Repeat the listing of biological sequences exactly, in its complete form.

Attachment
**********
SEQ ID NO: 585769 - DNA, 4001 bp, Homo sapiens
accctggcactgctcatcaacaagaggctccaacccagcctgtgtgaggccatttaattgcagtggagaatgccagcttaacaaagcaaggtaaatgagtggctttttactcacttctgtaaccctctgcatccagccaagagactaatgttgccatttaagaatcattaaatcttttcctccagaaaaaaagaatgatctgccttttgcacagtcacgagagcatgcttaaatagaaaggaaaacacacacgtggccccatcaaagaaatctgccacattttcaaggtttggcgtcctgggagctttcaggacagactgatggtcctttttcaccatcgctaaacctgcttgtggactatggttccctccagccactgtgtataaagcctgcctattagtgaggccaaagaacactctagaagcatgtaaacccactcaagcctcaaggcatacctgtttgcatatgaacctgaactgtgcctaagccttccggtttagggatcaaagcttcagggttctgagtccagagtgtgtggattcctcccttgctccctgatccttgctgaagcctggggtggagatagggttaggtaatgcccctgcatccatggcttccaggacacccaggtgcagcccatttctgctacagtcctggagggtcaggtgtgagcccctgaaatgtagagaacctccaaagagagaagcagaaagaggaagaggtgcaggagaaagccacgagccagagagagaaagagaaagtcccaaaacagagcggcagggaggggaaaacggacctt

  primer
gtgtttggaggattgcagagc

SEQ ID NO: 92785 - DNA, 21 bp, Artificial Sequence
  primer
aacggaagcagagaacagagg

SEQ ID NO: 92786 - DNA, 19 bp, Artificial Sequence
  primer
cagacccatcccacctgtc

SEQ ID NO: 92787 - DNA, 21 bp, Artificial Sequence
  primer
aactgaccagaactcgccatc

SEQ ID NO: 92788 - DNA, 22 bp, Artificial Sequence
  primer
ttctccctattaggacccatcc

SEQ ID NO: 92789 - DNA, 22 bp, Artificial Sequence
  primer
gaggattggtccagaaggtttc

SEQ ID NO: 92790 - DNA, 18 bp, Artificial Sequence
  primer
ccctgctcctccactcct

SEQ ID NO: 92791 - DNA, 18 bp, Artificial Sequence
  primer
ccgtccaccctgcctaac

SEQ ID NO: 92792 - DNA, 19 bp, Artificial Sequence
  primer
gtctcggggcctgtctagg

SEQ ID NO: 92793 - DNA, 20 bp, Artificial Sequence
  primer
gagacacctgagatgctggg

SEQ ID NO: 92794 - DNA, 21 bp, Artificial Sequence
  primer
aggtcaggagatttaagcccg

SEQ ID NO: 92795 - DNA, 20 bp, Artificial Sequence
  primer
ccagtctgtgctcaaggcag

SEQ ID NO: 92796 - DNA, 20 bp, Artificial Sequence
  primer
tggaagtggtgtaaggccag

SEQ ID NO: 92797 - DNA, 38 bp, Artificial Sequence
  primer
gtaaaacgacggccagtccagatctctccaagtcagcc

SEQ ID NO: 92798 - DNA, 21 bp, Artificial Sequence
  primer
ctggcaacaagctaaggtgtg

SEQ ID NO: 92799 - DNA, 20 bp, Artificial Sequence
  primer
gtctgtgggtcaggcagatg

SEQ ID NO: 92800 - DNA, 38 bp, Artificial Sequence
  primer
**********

SEQ ID NO: 585769 - DNA, 4001 bp, Homo sapiens
accctggcactgctcatcaacaagaggctccaacccagcctgtgtgaggccatttaattgcagtggagaatgccagcttaacaaagcaaggtaaatgagtggctttttactcacttctgtaaccctctgcatccagccaagagactaatgttgccatttaagaatcattaaatcttttcctccagaaaaaaagaatgatctgccttttgcacagtcacgagagcatgcttaaatagaaaggaaaacacacacgtggccccatcaaagaaatctgccacattttcaaggtttggcgtcctgggagctttcaggacagactgatggtcctttttcaccatcgctaaacctgcttgtggactatggttccctccagccactgtgtataaagcctgcctattagtgaggccaaagaacactctagaagcatgtaaacccactcaagcctcaaggcatacctgtttgcatatgaacctgaactgtgcctaagccttccggtttagggatcaaagcttcagggttctgagtccagagtgtgtggattcctcccttgctccctgatccttgctgaagcctggggtggagatagggttaggtaatgcccctgcatccatggcttccaggacacccaggtgcagcccatttctgctacagtcctggagggtcaggtgtgagcccctgaaatgtagagaacctccaaagagagaagcagaaagaggaagaggtgcaggagaaagccacgagccagagagagaaagagaaagtcccaaaacagagcggcagggaggggaaaacggacctt

  primer
gtgtttggaggattgcagagc

SEQ ID NO: 92785 - DNA, 21 bp, Artificial Sequence
  primer
aacggaagcagagaacagagg

SEQ ID NO: 92786 - DNA, 19 bp, Artificial Sequence
  primer
cagacccatcccacctgtc

SEQ ID NO: 92787 - DNA, 21 bp, Artificial Sequence
  primer
aactgaccagaactcgccatc

SEQ ID NO: 92788 - DNA, 22 bp, Artificial Sequence
  primer
ttctccctattaggacccatcc

SEQ ID NO: 92789 - DNA, 22 bp, Artificial Sequence
  primer
gaggattggtccagaaggtttc

SEQ ID NO: 92790 - DNA, 18 bp, Artificial Sequence
  primer
ccctgctcctccactcct

SEQ ID NO: 92791 - DNA, 18 bp, Artificial Sequence
  primer
ccgtccaccctgcctaac

SEQ ID NO: 92792 - DNA, 19 bp, Artificial Sequence
  primer
gtctcggggcctgtctagg

SEQ ID NO: 92793 - DNA, 20 bp, Artificial Sequence
  primer
gagacacctgagatgctggg

SEQ ID NO: 92794 - DNA, 21 bp, Artificial Sequence
  primer
aggtcaggagatttaagcccg

SEQ ID NO: 92795 - DNA, 20 bp, Artificial Sequence
  primer
ccagtctgtgctcaaggcag

SEQ ID NO: 92796 - DNA, 20 bp, Artificial Sequence
  primer
tggaagtggtgtaaggccag

SEQ ID NO: 92797 - DNA, 38 bp, Artificial Sequence
  primer
gtaaaacgacggccagtccagatctctccaagtcagcc

SEQ ID NO: 92798 - DNA, 21 bp, Artificial Sequence
  primer
ctggcaacaagctaaggtgtg

SEQ ID NO: 92799 - DNA, 20 bp, Artificial Sequence
  primer
gtctgtgggtcaggcagatg

SEQ ID NO: 92800 - DNA, 38 bp, Artificial Sequence
  primer